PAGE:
World Intellectual Property Organization

WIPO Arbitration and Mediation Center

ADMINISTRATIVE PANEL DECISION

Beachbody, LLC v. Gerard Casazza

Case No. D2012-0532

1. The Parties

The Complainant is Beachbody, LLC of Santa Monica, California, United States of America, represented by Cozen O’Connor, United States.

The Respondent is Gerard Casazza of Sayville, New York, United States, self-represented.

2. The Domain Name and Registrar

The disputed domain name <beachbodysupplements.com> is registered with FastDomain, Inc.

3. Procedural History

The Complaint was filed with the WIPO Arbitration and Mediation Center (the “Center”) on March 16, 2012. On March 16, 2012, the Center transmitted by email to FastDomain, Inc. a request for registrar verification in connection with the disputed domain name. On the same date, FastDomain, Inc. transmitted by email to the Center its verification response confirming that the Respondent is listed as the registrant and providing the contact details.

The Center verified that the Complaint satisfied the formal requirements of the Uniform Domain Name Dispute Resolution Policy (the “Policy” or “UDRP”), the Rules for Uniform Domain Name Dispute Resolution Policy (the “Rules”), and the WIPO Supplemental Rules for Uniform Domain Name Dispute Resolution Policy (the “Supplemental Rules”).

In accordance with the Rules, paragraphs 2(a) and 4(a), the Center formally notified the Respondent of the Complaint, and the proceedings commenced on March 21, 2012. In accordance with the Rules, paragraph 5(a), the due date for Response was April 10, 2012. The Response was filed with the Center on April 4, 2012.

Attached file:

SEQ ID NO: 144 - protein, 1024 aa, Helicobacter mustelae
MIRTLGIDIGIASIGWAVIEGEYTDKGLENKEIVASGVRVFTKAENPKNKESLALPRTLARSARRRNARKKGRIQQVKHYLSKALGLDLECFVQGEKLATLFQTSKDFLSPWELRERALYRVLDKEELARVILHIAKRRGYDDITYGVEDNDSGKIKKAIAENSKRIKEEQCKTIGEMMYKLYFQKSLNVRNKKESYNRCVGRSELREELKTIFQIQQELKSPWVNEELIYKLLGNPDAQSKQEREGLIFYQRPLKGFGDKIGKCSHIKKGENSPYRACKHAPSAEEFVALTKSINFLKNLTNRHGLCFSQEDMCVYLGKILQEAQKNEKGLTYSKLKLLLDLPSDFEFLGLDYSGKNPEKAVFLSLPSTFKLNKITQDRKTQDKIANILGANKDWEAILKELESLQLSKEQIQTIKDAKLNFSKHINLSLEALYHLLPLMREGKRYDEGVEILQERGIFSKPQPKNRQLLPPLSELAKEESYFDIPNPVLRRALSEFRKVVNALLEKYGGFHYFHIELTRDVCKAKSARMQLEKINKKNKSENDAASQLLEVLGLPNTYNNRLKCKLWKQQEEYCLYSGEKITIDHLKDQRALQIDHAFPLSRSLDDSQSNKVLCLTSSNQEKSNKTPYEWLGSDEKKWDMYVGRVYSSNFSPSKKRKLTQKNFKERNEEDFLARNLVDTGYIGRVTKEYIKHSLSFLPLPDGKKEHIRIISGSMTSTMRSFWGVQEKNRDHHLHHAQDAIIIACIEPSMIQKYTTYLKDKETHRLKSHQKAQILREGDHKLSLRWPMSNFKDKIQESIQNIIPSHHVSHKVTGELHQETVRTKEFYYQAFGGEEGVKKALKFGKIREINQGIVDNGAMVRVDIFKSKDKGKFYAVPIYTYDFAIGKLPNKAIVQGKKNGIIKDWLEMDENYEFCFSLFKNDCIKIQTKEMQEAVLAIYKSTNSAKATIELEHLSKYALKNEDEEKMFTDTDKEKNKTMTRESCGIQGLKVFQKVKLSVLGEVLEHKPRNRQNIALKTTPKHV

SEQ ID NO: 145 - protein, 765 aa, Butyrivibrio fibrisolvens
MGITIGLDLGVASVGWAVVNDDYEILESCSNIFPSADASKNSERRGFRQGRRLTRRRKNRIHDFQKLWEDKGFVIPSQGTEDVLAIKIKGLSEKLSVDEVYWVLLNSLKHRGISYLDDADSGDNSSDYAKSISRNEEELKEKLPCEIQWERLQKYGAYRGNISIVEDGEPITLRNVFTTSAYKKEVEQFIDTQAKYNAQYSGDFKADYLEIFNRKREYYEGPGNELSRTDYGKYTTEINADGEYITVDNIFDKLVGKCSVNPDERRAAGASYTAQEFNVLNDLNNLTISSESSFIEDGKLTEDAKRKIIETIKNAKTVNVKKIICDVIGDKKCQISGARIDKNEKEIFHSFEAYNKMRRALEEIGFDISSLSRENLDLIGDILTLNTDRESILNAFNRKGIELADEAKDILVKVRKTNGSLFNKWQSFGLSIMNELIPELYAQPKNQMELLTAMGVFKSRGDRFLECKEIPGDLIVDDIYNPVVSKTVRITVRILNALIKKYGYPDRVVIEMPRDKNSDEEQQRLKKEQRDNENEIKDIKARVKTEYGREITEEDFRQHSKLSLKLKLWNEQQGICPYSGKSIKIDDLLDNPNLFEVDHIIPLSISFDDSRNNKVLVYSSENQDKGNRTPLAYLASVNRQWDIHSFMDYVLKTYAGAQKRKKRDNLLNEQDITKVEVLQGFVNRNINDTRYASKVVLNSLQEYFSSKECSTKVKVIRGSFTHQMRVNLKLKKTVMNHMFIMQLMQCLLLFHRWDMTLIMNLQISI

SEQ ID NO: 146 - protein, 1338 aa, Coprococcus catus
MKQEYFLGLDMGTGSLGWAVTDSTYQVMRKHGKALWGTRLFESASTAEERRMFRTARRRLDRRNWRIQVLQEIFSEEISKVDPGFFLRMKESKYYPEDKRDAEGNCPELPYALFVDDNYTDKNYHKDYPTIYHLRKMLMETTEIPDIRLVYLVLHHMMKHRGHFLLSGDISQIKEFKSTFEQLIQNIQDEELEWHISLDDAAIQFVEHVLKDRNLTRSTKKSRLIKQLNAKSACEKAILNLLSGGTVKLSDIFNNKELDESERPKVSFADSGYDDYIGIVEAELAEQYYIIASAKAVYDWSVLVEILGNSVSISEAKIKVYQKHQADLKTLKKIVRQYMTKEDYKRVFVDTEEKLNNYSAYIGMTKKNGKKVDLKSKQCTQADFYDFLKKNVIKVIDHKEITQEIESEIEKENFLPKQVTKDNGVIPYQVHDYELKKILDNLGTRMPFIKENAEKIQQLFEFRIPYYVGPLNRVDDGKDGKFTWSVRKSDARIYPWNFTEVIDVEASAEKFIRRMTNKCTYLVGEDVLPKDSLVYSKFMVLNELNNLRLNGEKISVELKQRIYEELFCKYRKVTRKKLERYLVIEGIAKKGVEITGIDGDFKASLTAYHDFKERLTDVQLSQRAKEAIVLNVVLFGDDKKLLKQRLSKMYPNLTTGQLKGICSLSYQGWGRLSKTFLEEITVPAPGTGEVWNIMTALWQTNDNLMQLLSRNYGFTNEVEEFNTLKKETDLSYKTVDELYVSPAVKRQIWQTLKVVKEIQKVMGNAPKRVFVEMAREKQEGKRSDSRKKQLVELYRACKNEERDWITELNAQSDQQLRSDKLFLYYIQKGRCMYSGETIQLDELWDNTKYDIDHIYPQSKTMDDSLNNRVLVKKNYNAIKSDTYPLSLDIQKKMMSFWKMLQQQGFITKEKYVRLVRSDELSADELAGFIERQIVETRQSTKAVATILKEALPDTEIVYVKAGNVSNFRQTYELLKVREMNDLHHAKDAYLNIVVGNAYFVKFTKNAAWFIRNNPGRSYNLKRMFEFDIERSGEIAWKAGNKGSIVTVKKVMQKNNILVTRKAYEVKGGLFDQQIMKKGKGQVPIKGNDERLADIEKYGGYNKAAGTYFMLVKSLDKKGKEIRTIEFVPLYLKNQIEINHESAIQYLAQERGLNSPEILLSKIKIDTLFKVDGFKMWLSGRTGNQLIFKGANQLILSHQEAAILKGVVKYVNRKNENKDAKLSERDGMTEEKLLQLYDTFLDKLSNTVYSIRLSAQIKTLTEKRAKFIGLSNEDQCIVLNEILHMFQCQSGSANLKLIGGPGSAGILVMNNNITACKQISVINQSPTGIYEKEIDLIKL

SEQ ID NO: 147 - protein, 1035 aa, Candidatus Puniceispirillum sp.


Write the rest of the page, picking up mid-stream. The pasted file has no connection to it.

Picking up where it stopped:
The Center appointed William R. Towns as the sole panelist in this matter on April 18, 2012. The Panel finds that it was properly constituted. The Panel has submitted the Statement of Acceptance and Declaration of Impartiality and Independence, as required by the Center to ensure compliance with the Rules, paragraph 7.

4. Factual Background

The Complainant is in the business of providing fitness, nutrition, weight loss and wellness products and services, including dietary supplements and diet aids, which have been marketed under the BEACHBODY mark since as early as 1999. The Complainant is the owner of multiple United States trademark registrations for BEACHBODY and other BEACHBODY-formative marks, the earliest of which was issued by the United States Patent & Trademark Office (USPTO) on December 24, 2002.

The disputed domain name <beachbodysupplements.com> was created on April 18, 2011, according to the concerned Registrar’s WhoIs records. The Respondent initially used the disputed domain name to redirect Internet traffic to the Respondent’s website at “www.firstclasssupplements.com” (“FirstClassSupplements.com”), on which the Respondent offers for sale a variety of fitness, nutrition and weight loss products, although not the Complainant’s products.